Dielectric Barrier Discharge


It consists of two metal electrodes, in which at least one is coated with a dielectric layer. Plasma gas flows in the gap. The discharge is ignited by means of a sinusoidal or pulsed power source. The gap is on the order of several mm and the plasma is generated through a succession of micro arcs, lasting for 10 – 100 ns and distributed randomly. These systems are used for many applications like surface cleaning, material functionalization, etc.

The conversion of methane and carbon dioxide in a DBD reactor have been tested according to the setup shown in figure 3. The main products are synthesis gas C2 hydrocarbons and oxygenated hydrocarbons, like methanol or formaldehyde. The reactor (Fig. 3, right) consists of a 15 cm long Duran glass cylinder with an inner diameter of 5.9 mm and an outer diameter of 8.0 mm. The inner working iron electrode with a diameter of 3.0 mm is fixed on the top by two glass frits and on the bottom by glass wool. The outer part of the glass body is covered over a length of 50 mm with a conductive silver varnish to create the outer grounded counter electrode. The outer electrode has over the whole length a slit of about one millimeter width to monitor the plasma. The plasma is generated by a 13.56 MHz radio frequency generator.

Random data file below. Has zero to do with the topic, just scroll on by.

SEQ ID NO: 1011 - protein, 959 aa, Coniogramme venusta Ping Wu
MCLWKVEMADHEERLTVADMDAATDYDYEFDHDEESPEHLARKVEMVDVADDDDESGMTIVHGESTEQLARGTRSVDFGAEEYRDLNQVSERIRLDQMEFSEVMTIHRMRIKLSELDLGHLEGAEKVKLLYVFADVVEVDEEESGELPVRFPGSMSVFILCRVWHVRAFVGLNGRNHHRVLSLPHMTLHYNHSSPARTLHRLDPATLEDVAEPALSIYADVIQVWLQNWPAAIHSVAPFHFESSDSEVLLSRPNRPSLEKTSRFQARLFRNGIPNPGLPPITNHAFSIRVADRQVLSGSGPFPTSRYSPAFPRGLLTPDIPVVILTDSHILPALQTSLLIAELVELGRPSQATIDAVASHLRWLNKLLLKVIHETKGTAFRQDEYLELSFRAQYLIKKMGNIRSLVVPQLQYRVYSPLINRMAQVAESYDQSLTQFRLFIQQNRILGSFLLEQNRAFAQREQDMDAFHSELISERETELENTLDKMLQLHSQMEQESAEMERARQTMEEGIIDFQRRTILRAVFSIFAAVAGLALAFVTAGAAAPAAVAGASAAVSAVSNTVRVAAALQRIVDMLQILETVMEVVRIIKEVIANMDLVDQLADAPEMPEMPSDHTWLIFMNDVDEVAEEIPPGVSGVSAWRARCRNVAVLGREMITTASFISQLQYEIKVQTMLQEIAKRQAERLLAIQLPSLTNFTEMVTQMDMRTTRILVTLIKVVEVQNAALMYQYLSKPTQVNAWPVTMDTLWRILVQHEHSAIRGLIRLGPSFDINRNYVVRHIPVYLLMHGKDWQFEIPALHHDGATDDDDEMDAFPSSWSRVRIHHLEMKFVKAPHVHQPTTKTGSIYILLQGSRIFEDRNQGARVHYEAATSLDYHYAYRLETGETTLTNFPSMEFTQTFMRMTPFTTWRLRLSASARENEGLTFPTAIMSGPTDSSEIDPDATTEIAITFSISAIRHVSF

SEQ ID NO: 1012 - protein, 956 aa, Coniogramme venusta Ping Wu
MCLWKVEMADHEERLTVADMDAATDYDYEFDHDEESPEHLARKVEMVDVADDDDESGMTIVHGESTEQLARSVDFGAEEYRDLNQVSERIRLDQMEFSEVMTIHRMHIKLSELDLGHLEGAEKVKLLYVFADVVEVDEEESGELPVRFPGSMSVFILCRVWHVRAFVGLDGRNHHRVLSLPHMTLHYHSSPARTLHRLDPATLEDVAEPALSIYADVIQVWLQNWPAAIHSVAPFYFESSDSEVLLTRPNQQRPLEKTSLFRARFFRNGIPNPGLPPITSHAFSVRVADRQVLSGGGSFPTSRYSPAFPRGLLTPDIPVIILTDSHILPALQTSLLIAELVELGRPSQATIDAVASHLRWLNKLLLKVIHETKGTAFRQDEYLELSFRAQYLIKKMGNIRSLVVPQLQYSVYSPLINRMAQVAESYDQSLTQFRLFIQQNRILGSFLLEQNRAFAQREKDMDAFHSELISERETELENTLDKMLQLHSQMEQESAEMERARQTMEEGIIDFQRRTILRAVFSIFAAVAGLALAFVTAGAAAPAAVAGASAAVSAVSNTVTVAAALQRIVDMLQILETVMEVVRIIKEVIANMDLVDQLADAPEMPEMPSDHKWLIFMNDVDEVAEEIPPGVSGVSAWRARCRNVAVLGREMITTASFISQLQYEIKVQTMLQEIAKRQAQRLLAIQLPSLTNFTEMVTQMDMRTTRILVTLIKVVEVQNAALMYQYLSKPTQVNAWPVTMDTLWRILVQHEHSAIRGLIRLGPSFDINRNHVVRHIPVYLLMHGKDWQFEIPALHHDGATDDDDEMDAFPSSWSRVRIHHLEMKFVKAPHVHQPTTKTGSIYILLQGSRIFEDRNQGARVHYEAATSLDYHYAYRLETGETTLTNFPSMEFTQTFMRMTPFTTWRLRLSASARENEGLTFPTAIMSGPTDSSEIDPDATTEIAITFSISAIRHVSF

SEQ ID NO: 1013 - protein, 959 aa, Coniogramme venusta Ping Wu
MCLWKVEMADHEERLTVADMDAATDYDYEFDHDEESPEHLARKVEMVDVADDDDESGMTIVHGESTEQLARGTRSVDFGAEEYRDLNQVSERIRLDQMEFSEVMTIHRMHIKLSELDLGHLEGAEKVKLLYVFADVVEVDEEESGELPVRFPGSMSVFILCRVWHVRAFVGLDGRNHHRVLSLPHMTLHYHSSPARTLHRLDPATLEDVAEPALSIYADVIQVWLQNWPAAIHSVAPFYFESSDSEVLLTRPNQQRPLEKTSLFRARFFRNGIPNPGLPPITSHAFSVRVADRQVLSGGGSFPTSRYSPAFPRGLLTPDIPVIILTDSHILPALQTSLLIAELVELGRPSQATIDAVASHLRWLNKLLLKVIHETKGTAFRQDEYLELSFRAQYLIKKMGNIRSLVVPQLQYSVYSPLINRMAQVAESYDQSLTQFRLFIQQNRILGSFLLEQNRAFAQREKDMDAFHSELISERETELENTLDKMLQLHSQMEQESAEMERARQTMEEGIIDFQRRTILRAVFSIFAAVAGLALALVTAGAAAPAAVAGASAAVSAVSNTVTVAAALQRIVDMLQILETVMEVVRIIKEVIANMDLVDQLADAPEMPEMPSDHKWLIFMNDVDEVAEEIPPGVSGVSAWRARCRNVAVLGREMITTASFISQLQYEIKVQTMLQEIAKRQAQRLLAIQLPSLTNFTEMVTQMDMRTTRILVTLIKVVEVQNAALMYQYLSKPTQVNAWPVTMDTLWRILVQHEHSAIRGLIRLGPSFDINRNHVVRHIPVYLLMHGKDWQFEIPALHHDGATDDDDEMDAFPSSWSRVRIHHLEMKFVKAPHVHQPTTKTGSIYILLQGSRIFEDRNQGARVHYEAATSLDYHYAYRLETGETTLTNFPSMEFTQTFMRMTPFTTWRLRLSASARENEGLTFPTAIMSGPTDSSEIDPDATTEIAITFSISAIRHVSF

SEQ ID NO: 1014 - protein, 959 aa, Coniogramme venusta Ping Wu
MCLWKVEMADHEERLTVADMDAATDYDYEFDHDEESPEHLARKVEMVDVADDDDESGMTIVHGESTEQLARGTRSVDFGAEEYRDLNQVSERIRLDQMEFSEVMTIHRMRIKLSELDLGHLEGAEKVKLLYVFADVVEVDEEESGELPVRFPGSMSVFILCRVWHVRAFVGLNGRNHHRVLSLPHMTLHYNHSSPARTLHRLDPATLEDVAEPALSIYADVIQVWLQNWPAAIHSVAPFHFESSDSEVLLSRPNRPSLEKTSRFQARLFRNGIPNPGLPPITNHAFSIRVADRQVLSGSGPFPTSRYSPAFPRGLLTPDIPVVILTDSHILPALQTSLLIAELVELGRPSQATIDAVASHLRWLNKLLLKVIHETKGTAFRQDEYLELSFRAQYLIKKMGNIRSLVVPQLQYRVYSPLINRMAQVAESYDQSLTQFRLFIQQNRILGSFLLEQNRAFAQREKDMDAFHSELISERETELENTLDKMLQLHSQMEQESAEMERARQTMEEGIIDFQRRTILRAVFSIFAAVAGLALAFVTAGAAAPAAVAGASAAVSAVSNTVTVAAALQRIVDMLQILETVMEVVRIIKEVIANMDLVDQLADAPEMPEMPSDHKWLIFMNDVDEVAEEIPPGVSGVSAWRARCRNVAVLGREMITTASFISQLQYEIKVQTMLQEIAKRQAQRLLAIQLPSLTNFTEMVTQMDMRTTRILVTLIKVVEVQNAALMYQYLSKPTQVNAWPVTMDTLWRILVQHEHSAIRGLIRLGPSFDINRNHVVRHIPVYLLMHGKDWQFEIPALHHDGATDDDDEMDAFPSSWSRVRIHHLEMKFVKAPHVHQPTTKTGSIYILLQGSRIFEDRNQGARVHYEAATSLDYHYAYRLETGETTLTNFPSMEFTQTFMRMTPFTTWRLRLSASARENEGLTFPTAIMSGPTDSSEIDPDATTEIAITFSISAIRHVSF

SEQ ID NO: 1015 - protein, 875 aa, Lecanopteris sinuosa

Figure 3 The experimental setup (left) and DBD reactor(right) (DOI:  10.1007/s11090-012-9411-y)

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